>all the way down into the weave of history. And Tokyo is very nearly,
>in its own way, as 'echoic' (to borrow Peter Ackroyd's term) a city
>as London.
>I've always felt that London is somehow the best place from which to
>observe Tokyo, perhaps because the British appreciation of things
>Japanese is the most entertaining. There is a certain tradition of
>'Orientalia', of the faux-Oriental, that has been present here for a
>long time, and truly, there is something in the quality of a good
>translation that can never be captured in the original.
>London, being London and whatever else, eminently assured of its
>ability to do whatever it is that London's always done, can reflect
>Japan, distort it, enjoy it, in ways that Vancouver, where I live,
>never can. In Vancouver, we cater blandly to the Japanese, both to
>the tour-bus people with the ever-present cameras and to a delightful
>but utterly silent class of Japanese slackers. These latter seem to
>jump ship simply to be here, and can be seen daily about the city, in
>ones and twos, much as, I suspect, you or I might seem to the
>residents of Puerto Vallarta. 'There they are again. I wonder what
>they might be thinking?'
>But we don't reflect them back. We don't have any equivalent of the
>robot sushi bar in Harvey Nichols, which is as perfectly 'Japanese' a
>thing as I've seen anywhere, and which probably wouldn't look nearly
>as cool if it had been built in Tokyo or Osaka.
>We don't have branches of Muji interspersed between our Starbucks
>(although I wish we did, because I'm running out of their excellent
>toothpaste). Muji is the perfect example of the sort of thing I'm
>thinking of, because it calls up a wonderful Japan that doesn't
>really exist. A Japan of the mind, where even toenail-clippers and
>plastic coat-hangers possess a Zen purity: functional, minimal,
>reasonably priced. I would very much like to visit the Japan that
>Muji evokes. I would vacation there and attain a new serenity, smooth
>and translucent, in perfect counterpoint to natural fabrics and
>unbleached cardboard. My toiletries would pretend to be nothing more
>than what they are, and neither would I. (If Mujiland exists
>anywhere, it's probably not in Japan. If anywhere, it may actually be
>here, in London.)
>Because we don't reflect them back, in Vancouver, they don't market
>to us in the same way they market to you.
>The trendy watch chains of London are the only places in the world,
>aside from Japan, where one can purchase the almost-very-latest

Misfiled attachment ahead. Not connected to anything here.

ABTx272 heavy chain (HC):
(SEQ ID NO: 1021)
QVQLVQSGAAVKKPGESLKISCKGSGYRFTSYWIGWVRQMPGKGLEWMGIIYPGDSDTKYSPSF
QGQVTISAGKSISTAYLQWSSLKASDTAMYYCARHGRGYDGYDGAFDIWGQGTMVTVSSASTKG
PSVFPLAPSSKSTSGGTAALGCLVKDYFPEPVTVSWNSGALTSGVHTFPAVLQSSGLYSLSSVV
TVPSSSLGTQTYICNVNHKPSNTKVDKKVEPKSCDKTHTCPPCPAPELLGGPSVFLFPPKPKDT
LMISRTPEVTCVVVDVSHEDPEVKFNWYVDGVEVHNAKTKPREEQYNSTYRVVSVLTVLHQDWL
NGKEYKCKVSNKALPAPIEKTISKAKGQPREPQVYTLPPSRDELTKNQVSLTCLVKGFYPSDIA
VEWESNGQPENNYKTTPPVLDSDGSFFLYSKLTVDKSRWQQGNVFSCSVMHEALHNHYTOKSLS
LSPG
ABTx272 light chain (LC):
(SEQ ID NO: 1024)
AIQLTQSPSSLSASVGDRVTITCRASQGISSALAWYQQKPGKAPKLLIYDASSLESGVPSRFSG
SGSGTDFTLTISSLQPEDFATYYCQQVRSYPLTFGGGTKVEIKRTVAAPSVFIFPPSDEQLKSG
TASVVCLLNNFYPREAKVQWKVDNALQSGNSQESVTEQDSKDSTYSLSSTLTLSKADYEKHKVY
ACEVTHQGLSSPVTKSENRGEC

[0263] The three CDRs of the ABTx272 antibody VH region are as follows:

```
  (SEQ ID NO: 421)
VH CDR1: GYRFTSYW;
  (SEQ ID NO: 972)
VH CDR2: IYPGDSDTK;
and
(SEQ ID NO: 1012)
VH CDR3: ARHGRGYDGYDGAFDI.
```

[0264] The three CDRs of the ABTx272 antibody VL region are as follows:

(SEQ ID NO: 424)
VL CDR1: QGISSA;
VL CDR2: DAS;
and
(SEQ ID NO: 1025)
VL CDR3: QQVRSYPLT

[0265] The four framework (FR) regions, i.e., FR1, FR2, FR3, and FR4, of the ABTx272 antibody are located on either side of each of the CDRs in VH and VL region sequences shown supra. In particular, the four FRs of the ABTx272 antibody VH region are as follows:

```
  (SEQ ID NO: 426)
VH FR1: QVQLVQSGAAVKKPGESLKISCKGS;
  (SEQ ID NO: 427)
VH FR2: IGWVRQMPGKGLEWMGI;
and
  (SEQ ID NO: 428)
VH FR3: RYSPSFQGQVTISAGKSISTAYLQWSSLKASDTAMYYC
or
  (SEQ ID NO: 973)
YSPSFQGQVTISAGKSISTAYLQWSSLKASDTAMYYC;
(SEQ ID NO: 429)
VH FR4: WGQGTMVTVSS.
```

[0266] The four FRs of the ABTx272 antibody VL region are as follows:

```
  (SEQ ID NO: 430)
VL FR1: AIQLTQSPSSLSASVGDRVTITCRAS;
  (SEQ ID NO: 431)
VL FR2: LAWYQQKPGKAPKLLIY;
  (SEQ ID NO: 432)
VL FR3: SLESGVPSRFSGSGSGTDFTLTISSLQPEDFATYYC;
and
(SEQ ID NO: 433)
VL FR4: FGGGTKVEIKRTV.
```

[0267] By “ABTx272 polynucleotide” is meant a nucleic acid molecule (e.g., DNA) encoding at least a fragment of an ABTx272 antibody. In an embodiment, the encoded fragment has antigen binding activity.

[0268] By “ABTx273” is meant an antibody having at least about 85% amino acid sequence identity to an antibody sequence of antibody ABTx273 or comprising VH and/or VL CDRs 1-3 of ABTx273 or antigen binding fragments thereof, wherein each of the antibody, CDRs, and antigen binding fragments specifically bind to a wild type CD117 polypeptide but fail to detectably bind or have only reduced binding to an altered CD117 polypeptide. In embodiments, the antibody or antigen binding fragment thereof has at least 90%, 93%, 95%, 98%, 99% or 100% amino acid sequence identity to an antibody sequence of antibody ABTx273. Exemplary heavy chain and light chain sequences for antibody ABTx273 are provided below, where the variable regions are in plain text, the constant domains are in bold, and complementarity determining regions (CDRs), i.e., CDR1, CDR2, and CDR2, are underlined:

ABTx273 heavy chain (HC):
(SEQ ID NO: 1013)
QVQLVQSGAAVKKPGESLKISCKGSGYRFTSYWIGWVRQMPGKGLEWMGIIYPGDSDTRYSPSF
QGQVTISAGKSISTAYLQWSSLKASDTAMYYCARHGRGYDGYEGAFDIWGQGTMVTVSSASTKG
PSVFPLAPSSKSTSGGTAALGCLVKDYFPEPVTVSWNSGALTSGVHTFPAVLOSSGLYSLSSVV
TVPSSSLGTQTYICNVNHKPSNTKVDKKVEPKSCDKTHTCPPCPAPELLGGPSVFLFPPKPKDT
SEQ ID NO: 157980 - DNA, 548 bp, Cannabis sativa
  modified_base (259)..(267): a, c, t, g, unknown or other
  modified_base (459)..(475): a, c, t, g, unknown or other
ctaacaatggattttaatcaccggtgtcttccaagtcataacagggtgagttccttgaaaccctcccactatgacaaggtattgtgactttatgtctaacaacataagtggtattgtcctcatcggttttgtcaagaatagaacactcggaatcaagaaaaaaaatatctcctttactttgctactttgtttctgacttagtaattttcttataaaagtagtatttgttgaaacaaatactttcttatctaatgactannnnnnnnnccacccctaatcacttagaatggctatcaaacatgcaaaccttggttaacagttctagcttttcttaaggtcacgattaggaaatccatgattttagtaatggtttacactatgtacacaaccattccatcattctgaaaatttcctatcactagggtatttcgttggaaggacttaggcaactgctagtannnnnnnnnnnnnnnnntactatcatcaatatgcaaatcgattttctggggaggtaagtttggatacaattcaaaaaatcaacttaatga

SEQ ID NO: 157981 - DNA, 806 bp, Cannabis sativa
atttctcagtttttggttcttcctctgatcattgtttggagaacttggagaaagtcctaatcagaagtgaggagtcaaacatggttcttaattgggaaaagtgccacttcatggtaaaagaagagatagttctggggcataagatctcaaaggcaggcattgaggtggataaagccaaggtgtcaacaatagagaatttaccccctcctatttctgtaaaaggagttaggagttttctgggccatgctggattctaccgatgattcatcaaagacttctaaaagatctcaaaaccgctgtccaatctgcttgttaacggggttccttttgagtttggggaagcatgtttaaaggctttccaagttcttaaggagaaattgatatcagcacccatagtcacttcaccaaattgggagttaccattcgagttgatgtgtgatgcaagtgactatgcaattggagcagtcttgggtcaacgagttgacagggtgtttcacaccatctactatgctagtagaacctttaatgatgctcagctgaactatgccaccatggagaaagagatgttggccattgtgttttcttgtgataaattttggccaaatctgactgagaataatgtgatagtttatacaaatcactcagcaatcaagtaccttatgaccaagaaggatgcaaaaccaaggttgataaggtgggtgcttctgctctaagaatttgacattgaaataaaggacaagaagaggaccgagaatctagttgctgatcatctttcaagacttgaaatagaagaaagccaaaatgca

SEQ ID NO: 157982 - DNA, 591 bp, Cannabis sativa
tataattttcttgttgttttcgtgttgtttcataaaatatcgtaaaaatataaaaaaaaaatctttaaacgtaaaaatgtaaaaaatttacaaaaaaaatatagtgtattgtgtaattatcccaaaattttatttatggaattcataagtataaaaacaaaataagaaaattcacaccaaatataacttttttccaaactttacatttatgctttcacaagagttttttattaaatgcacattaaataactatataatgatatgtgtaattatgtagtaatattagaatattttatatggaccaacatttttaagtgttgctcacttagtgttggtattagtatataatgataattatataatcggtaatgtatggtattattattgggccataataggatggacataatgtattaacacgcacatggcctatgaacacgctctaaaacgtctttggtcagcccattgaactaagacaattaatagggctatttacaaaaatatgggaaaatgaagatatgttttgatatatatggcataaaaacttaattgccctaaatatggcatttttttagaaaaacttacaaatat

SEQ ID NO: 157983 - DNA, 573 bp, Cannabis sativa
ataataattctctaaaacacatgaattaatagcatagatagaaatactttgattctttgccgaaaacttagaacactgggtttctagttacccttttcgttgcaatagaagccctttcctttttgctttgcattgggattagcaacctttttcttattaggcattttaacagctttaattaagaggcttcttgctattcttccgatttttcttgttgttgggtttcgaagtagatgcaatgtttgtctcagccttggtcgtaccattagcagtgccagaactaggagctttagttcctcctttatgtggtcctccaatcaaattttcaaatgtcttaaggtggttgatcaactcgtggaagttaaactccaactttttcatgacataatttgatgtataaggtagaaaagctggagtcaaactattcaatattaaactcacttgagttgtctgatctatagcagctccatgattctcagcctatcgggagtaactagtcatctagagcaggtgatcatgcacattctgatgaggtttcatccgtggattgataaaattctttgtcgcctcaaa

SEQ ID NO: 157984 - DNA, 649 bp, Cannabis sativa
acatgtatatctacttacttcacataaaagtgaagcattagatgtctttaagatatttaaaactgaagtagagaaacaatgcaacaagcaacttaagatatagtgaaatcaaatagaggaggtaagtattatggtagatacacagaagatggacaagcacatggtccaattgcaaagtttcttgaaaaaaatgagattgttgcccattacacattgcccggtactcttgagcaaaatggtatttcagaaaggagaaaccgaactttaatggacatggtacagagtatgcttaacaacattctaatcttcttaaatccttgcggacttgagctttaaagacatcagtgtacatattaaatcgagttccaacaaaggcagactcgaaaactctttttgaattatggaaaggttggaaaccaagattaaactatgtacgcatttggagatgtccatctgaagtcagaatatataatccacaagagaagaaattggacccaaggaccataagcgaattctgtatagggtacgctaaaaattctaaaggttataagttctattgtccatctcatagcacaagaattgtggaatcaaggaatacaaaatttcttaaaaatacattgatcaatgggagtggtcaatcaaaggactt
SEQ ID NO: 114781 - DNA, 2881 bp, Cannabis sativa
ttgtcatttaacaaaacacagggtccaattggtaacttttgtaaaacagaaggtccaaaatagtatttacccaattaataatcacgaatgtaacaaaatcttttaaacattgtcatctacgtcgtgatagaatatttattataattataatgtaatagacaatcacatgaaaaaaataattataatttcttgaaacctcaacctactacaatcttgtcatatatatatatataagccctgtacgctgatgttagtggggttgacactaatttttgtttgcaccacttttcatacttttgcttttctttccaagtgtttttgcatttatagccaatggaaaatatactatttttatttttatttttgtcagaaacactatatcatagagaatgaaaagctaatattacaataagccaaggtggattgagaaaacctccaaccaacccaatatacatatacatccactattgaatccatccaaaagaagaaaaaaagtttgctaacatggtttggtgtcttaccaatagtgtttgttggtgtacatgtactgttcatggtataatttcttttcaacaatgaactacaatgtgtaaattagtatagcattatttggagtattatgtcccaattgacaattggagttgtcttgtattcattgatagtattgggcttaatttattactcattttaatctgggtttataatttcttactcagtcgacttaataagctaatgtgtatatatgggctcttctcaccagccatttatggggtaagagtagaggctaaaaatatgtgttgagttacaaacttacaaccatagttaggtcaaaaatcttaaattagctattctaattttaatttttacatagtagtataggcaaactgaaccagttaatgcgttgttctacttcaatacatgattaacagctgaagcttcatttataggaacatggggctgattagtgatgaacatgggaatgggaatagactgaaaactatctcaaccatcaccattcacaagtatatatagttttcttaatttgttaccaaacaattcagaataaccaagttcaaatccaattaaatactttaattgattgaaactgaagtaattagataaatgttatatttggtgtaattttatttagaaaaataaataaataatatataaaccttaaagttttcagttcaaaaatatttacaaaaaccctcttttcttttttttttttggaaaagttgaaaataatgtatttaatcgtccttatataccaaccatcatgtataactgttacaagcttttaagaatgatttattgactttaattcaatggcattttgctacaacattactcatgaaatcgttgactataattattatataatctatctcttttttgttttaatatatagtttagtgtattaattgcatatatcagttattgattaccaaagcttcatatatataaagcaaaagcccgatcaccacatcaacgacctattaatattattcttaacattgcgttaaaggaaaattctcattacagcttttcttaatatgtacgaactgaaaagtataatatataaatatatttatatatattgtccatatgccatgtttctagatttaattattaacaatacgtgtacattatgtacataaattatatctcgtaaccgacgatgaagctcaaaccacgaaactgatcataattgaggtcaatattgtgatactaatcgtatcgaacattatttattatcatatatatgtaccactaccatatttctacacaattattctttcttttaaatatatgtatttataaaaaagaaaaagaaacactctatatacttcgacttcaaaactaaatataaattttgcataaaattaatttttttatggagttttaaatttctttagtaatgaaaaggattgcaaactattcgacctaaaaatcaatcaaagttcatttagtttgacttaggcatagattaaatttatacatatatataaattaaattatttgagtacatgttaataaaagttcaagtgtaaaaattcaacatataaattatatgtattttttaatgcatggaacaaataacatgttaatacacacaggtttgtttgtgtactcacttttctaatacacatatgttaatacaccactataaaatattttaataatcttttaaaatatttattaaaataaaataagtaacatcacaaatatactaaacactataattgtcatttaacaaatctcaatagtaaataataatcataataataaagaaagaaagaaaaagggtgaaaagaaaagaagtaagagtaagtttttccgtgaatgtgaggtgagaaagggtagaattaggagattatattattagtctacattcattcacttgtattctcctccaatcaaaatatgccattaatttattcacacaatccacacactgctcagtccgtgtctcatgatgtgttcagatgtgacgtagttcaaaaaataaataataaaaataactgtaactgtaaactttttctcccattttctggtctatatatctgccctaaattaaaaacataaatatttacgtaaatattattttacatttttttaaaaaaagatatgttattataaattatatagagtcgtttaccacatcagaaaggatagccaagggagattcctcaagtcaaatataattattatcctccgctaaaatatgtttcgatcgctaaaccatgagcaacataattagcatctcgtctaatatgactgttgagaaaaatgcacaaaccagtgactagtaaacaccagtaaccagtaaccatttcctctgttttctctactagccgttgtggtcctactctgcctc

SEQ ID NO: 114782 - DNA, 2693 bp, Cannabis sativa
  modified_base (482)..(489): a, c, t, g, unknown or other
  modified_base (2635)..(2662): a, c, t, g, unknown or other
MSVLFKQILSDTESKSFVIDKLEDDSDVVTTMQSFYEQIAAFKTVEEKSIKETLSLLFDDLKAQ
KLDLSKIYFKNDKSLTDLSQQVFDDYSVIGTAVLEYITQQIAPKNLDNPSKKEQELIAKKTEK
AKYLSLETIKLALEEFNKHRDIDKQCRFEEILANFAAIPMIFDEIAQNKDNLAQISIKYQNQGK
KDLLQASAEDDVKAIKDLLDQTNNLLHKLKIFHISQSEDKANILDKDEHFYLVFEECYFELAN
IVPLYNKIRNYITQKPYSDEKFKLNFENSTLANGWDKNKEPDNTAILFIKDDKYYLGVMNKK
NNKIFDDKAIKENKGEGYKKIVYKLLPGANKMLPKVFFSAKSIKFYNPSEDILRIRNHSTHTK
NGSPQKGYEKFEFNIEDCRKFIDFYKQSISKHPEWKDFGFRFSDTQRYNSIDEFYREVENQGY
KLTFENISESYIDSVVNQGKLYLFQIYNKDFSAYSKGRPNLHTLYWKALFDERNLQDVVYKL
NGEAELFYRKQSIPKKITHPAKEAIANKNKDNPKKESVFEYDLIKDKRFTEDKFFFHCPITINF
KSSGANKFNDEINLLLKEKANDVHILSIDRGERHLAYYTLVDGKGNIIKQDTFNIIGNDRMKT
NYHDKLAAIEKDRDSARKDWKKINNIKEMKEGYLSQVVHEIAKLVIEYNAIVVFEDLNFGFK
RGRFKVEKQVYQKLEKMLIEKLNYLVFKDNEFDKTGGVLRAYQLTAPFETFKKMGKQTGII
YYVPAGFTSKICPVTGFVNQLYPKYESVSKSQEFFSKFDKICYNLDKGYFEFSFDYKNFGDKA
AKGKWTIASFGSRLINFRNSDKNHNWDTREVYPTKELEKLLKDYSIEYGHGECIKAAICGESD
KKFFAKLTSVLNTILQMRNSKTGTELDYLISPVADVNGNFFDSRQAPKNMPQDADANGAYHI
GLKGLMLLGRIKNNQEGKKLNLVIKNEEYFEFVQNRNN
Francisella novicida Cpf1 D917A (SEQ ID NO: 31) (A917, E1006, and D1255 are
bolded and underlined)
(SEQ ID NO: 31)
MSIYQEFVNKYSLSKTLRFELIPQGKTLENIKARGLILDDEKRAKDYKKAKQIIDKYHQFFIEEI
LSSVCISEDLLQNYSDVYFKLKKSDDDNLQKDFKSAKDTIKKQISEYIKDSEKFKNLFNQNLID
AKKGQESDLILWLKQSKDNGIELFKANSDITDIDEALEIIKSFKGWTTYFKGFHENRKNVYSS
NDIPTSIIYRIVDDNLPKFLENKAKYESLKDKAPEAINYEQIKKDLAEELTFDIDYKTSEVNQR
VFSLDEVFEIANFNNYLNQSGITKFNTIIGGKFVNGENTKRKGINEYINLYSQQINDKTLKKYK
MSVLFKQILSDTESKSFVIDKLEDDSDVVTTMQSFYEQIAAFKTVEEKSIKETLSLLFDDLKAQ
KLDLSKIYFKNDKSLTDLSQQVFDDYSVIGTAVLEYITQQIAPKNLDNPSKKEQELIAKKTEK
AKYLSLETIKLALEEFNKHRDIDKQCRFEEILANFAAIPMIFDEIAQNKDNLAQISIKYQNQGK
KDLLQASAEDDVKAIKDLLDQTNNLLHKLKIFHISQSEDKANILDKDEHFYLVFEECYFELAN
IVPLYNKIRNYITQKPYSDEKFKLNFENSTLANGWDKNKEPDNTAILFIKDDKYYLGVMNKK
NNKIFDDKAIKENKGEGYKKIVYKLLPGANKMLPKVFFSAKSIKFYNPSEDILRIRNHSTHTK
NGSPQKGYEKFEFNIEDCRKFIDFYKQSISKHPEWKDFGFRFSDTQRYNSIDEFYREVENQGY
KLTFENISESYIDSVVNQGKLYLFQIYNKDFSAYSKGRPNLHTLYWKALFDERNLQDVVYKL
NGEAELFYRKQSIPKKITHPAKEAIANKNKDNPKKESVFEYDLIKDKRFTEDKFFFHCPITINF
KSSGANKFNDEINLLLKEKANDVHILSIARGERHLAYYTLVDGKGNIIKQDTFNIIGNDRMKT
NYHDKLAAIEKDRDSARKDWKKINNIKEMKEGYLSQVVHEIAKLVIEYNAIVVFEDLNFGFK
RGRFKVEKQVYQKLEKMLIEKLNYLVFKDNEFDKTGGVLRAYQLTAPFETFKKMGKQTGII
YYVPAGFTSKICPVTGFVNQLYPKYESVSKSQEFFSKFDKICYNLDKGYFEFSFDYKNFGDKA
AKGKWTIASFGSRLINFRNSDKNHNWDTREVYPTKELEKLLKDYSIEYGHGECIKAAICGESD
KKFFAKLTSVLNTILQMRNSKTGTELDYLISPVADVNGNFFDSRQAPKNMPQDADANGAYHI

>Japan-only product from Casio and Seiko.
>Because Japanese manufacturers know that you see them, in London.
>They know that you get it. They know that you are a market.
>I like to watch the Japanese in Portobello market. Some are there for
>the crowd, sightseeing, but others are there on specific,
>narrow-bandwidth, obsessional missions, hunting British military
>watches or Victorian corkscrews or Dinky Toys or Bakelite napkin
>rings. The dealers' eyes still brighten at the sight of a tight shoal
>of Japanese, significantly sans cameras, sweeping determinedly in
>with a translator in tow. A legacy from the affluent days of the
>bubble, perhaps, but still the Japanese are likely to buy, should
>they spot that one particular object of otaku desire. Not an
>impulse-buy, but the snapping of a trap set long ago, with great
>The otaku, the passionate obsessive, the information age's embodiment
>of the connoisseur, more concerned with the accumulation of data than
>of objects, seems a natural crossover figure in today's interface of
>British and Japanese cultures. I see it in the eyes of the Portobello
>dealers, and in the eyes of the Japanese collectors: a perfectly calm
>train-spotter frenzy, murderous and sublime. Understanding otaku
>-hood, I think, is one of the keys to understanding the culture of
>the web. There is something profoundly post-national about it,
>extra-geographic. We are all curators, in the post-modern world,
>whether we want to be or not.
>The Japanese are great appreciators of what they call 'secret
>brands', and in this too they share something with the British. There
>is a similar fascination with detail, with cataloguing, with
>distinguishing one thing from another. Both cultures are singularly
>adroit at re-conceptualising foreign product, at absorbing it and
>making it their own.
>Why Japan, then? Because they live in the future, but neither yours
>nor mine, and somehow make it seem either interesting or comical or
>really interestingly dreadful. Because they are capable of naming an
>après-sport drink Your Water. Because they build museum-grade
>reproductions of the MA-1 flight jacket that require prospective
>owners to be on waiting lists for several years before one even has a
>chance of possibly, one day, owning the jacket. Because they can say
>to you, with absolute seriousness, believing that it means something,
>'I like your lifestyle!'
>Because they are Japanese, and you are British, and I am American (or
>possibly Canadian, by this point).
>And I like both your lifestyles.
>Enjoy one another!
>* William Gibson is the author of All Tomorrow's Parties, and the
>forthcoming Pattern Recognition, both Penguin UK
>Partner, Creative Director
>Sp3d, Inc.
>Media Design & Production
>(415) 864-3302 - VOX
>(415) 864-3402 - FAX